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Ugandans cry foul over TZ border levies

Several Ugandan businessmen with trucks that ply the Dar es Salaam-Mutukula route are protesting the continued high charges at the border, writes ALON MWESIGWA.

Have you ever wondered why many trucks carrying goods have foreign registration plates? The Observer has learnt that several Uganda truck owners prefer to register them elsewhere to avoid paying high levies at border posts.

The Observer recently caught up with a Ugandan petroleum retailer who preferred anonymity in order to give a first-hand account of the troubles Ugandan businessmen go through to transport goods through Tanzania. He intimated being part of a group doing this to avoid taxes.

He said he intends to buy 20 trucks to transport his oil products from the Tanzanian port in Dar es Salaam to Kampala. The aim, he noted, is to substantially reduce on the fees he has to pay to get his goods to the market.

Mutukula border post

Two options popped up: register trucks as Ugandan-owned and pay through the nose when going through Tanzania or register the trucks as Tanzanian-owned and pay nothing going through Tanzania and only a small fee when he reaches Uganda.

He has chosen to go with the second option. “If the trucks bear Ugandan plates, I will pay $500 (Shs 1.8m) per truck when I am going through Tanzania,” he said. “But I will only pay $50 (Shs 180,000) in Uganda when they bear Tanzania number plates.”

He intimated it is a common practice among Ugandan truck owners to cut transit fees when going through these countries.

“So many traders are registering trucks in Tanzania to avoid paying the high cargo transit fees,” he added. “Everybody is doing it; so, why should I be the one to pay $500 in Tanzania?”

The issue of registering trucks in foreign numbers means the country is losing taxes. When we put the scenario to Uganda Revenue Authority, there was no immediate answer. Ian Rumanyika, URA employee in the corporate affairs office, said he would have to inquire.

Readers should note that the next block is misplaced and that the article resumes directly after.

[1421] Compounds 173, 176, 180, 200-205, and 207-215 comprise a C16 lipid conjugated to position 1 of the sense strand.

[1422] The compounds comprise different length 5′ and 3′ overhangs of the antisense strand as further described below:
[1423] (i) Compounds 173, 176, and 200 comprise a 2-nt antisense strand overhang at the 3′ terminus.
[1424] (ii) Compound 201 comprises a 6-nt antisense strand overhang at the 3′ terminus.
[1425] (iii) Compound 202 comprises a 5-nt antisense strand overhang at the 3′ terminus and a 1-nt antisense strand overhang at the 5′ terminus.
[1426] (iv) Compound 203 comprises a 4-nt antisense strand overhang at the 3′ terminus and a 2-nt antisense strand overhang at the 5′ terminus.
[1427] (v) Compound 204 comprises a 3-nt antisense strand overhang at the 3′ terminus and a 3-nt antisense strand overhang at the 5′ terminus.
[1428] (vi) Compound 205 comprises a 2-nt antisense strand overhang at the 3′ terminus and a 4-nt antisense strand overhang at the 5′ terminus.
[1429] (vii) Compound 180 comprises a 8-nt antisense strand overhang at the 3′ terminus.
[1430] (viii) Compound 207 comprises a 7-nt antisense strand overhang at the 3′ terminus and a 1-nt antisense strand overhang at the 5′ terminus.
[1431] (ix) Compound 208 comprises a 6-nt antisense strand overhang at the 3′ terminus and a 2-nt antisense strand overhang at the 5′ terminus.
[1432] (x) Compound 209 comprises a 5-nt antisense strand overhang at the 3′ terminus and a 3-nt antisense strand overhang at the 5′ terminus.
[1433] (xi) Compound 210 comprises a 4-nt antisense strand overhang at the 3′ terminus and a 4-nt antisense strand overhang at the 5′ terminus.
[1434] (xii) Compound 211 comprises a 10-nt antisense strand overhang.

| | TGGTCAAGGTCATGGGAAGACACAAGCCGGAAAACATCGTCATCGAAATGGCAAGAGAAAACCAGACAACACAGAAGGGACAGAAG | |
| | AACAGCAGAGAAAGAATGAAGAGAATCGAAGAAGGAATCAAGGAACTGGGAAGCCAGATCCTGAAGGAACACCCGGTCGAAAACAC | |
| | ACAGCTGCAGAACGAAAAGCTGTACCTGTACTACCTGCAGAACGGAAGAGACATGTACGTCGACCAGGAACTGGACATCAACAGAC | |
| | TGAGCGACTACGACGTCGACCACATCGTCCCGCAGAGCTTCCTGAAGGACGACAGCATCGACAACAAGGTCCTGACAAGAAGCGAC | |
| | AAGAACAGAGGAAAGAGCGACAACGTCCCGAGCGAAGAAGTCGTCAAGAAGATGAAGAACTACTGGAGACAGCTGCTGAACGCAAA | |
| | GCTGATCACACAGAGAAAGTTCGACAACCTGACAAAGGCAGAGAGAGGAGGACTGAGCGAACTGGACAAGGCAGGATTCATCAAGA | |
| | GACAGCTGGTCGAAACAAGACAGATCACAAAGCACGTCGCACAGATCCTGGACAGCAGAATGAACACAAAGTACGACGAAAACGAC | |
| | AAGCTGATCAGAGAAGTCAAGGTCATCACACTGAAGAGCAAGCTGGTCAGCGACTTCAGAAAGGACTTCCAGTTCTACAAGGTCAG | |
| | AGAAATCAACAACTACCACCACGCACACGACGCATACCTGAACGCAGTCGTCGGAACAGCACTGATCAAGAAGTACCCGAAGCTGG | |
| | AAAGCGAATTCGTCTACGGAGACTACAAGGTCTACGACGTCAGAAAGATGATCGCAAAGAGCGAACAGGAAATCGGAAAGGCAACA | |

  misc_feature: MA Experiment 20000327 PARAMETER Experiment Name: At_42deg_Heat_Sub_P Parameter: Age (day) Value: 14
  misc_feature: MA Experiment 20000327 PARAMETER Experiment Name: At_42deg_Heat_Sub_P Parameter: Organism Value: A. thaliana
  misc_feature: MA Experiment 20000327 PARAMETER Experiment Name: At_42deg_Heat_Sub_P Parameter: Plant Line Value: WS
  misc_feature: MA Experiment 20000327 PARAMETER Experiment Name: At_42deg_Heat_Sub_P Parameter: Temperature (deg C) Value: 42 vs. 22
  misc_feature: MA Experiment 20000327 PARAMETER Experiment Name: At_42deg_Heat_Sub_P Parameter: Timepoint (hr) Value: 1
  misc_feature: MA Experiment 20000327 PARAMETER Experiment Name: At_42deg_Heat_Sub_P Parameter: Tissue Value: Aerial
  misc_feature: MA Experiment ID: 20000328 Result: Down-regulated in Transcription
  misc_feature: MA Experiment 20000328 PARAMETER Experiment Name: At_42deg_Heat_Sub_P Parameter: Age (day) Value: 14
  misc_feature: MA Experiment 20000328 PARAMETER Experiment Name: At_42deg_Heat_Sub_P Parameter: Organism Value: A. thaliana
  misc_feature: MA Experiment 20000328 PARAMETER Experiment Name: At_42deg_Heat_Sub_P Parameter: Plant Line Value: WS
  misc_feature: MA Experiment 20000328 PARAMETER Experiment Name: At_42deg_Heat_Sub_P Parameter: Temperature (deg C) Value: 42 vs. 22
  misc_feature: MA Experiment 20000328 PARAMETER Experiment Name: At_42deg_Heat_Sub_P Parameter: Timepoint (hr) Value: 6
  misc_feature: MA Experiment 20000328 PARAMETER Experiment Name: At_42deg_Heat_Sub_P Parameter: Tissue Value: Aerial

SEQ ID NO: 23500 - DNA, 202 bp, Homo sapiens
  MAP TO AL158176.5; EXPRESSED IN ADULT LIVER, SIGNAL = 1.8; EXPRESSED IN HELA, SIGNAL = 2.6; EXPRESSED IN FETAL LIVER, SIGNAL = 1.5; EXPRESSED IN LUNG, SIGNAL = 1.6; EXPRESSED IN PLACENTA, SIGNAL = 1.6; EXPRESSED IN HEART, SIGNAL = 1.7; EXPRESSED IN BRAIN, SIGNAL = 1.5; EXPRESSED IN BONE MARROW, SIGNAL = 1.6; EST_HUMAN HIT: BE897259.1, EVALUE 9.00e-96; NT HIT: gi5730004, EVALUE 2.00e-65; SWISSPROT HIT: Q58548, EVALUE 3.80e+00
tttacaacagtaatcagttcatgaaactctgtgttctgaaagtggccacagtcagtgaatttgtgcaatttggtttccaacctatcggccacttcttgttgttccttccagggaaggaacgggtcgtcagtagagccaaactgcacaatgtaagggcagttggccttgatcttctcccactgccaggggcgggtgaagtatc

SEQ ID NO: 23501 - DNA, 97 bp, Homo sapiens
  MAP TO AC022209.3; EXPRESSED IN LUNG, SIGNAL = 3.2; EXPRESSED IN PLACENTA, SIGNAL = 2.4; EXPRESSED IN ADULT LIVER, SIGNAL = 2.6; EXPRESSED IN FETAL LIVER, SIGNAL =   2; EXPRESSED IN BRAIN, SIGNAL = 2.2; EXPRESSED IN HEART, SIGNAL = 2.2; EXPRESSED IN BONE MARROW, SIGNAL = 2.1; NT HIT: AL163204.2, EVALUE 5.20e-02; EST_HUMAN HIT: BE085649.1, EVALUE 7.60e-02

On the other hand, the Tanzania Revenue Authority (TRA) also loses out in this scenario. According to statistics from August 2016 to June 2017, TRA collected $12m (Shs 43bn) at Mutukula border post but that figure may drastically go down with the decrease of Ugandan-registered trucks.

The transit fee levied on cargo trucks is meant to help in the repairing of roads destroyed by the heavy vehicles. However, Ugandan traders say they are being treated unfairly.

Last year, the East African Business Council called for harmonisation of these fares. This would require that either Tanzania reduces its charges or Uganda has to increase what it charges trucks from Tanzania.


In 2013, the same issue sparked misunderstandings between Rwanda and Tanzania. Trucks from Rwanda were charged $500 to go through Tanzania while those from the latter were charged $152 to enter Rwanda.

Citing unfairness, Rwanda raised fees to $500 and stopped all trucks from Tanzania that did not want to pay before crossing the border. To stem the crisis, Tanzania reduced charges to $152 charged on Rwandan trucks to make the cargo transit fees uniform.

The distance from Rusumo border post between Rwanda Tanzania to Dar es Salaam port is 1300km. That from Mutukula to Dar es Salaam is 1450km. Ugandan traders say the distance is almost the same and see no reason they should be paying a much higher fare to access Tanzanian port than counterparts in the region.

The squabbling on the transit cargo fees is just one of the contradictions confronting the East African Community (EAC), a bloc supposed to facilitate trade and cooperation with the parties. The non-tariff fares and treatment of traders in member states show there is still a long way to go.

Already tensions are high over Tanzania’s burning of 6,400 live chicken from Kenya claiming it had bird flu. Also tens of herds of cattle from Kenya were confiscated in Tanzania and Dar said its territory was not grazing ground for Nairobi.  


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